than they originally thought.
played Tony Soprano in the hit HBO series The Sopranos. Enough Said was his second
to last role, and his last major role before an untimely death at the age of
51. He passed away in June 2013 from a heart attack. Gandolfini’s last acting
role was in Nicky Deuce, a made-for-TV production by the Nickelodeon network, which
briefly reunited him with several other cast members from The Sopranos.
However, Enough Said is a more memorable film for Gandolfini’s legacy,
illuminating the depth and versatility of his acting abilities. In an October
2013 interview, Louis-Dreyfus describes Gandolfini. “He was an amazing actor.
In fact, this part that he plays is much closer to him than Tony Soprano was,
in so many ways, which I think will be nice for his fans to see.” While
Gandolfini’s role in Enough Said was not exactly what we would expect from him,
Louis-Dreyfus is in excellent form in just the kind of role we have come to
expect from her, witty and relatable. The plot might fall into some of the
predictable sequences of a romantic comedy, but the dialogue created by
Holofcener is memorable, as are the performances of Louis-Dreyfus, Gandolfini,
Beyond the Pines (2013 - DVD & Blu-Ray).
(2012 - DVD & Blu-Ray).
Gosling, Bradley Cooper, Eva Mendes, Ray Liotta, and Rose Byrne. Directed by Derek
Cianfrance. Crime drama following the life of a motorcycle stuntman whose life
changes when he discovers he has become a father. However, he discovers a new
type of adrenaline rush. The story examines the consequences of actions, and
how it can reverberate through generations of a family.
Denzel Washington and Ryan Reynolds. Directed by Daniel Espinosa. Rogue CIA
agent Tobin Frost (Washington) is captured in South Africa after being on the
run for ten years. After being placed in a safe house, it becomes clear that
other parties are out to kill him and the young agent responsible for the safe
(2012 - DVD).
Me 2 (2013 - DVD).
Hanks, Halle Berry, Jim Broadbent, Hugo Weaving, and Jim Sturgess. Written and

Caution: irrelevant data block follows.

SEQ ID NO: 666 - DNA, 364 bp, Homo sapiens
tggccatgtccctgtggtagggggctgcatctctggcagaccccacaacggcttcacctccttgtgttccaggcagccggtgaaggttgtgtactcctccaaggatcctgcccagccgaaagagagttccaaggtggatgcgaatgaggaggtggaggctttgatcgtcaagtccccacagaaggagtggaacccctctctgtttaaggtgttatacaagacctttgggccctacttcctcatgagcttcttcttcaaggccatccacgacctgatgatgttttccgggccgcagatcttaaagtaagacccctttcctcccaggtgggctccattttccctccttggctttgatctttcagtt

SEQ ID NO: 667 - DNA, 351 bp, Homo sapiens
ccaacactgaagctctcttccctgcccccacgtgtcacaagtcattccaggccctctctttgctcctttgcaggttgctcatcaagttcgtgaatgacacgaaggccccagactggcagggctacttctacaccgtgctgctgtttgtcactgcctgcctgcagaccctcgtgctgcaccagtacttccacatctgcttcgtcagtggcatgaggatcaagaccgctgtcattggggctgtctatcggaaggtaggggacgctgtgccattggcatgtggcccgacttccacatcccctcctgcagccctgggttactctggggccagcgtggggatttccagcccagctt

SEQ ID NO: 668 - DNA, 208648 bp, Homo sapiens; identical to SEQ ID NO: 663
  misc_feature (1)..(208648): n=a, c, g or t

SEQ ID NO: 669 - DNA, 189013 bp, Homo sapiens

directed by Lana Wachowski, Tom Tykwer, and Andy Wachowski. Based on the best-selling
novel by David Mitchell. This ambitious novel and movie features six
intertwined stories spanning hundreds of years. It explores the connective
nature of people’s individual lives, though separated by the past, present, and
Voice work includes
Steve Carell, Benjamin Bratt, and Russell Brand. Directed by Chris Renaud and Pierre
Coffin. Gru, the minions, and the three orphaned sisters Margo, Edith, and
Agnes are back. Now with a fatherly role, Gru is trying to stay on the straight
and narrow path with a new jam-making venture. Dr. Nefario doesn’t take to the
changes so easily.
has also updated these popular TV series:
season five (2013 - DVD). The
conclusion of the ten-time Emmy winning AMC series.
season six (2013 - DVD). Another
season of the AMC series that has won 15 Emmys and four Golden Globes.
series three (2013 - DVD). The
blockbuster BBC series starring Benedict Cumberbatch and Martin Freeman as
modern-day Sherlock Holmes and John Watson continues.
by Bruce MacDonald, Assistant Director
February 15, 2014
The outstanding books
on the Michigan Reading
Association’s Great Lakes
Great Books list are chosen by a committee of teachers and librarians
throughout the state, and that committee meets right here at the Peter
Public Library. This year in particular, the Young Adult (YA) books on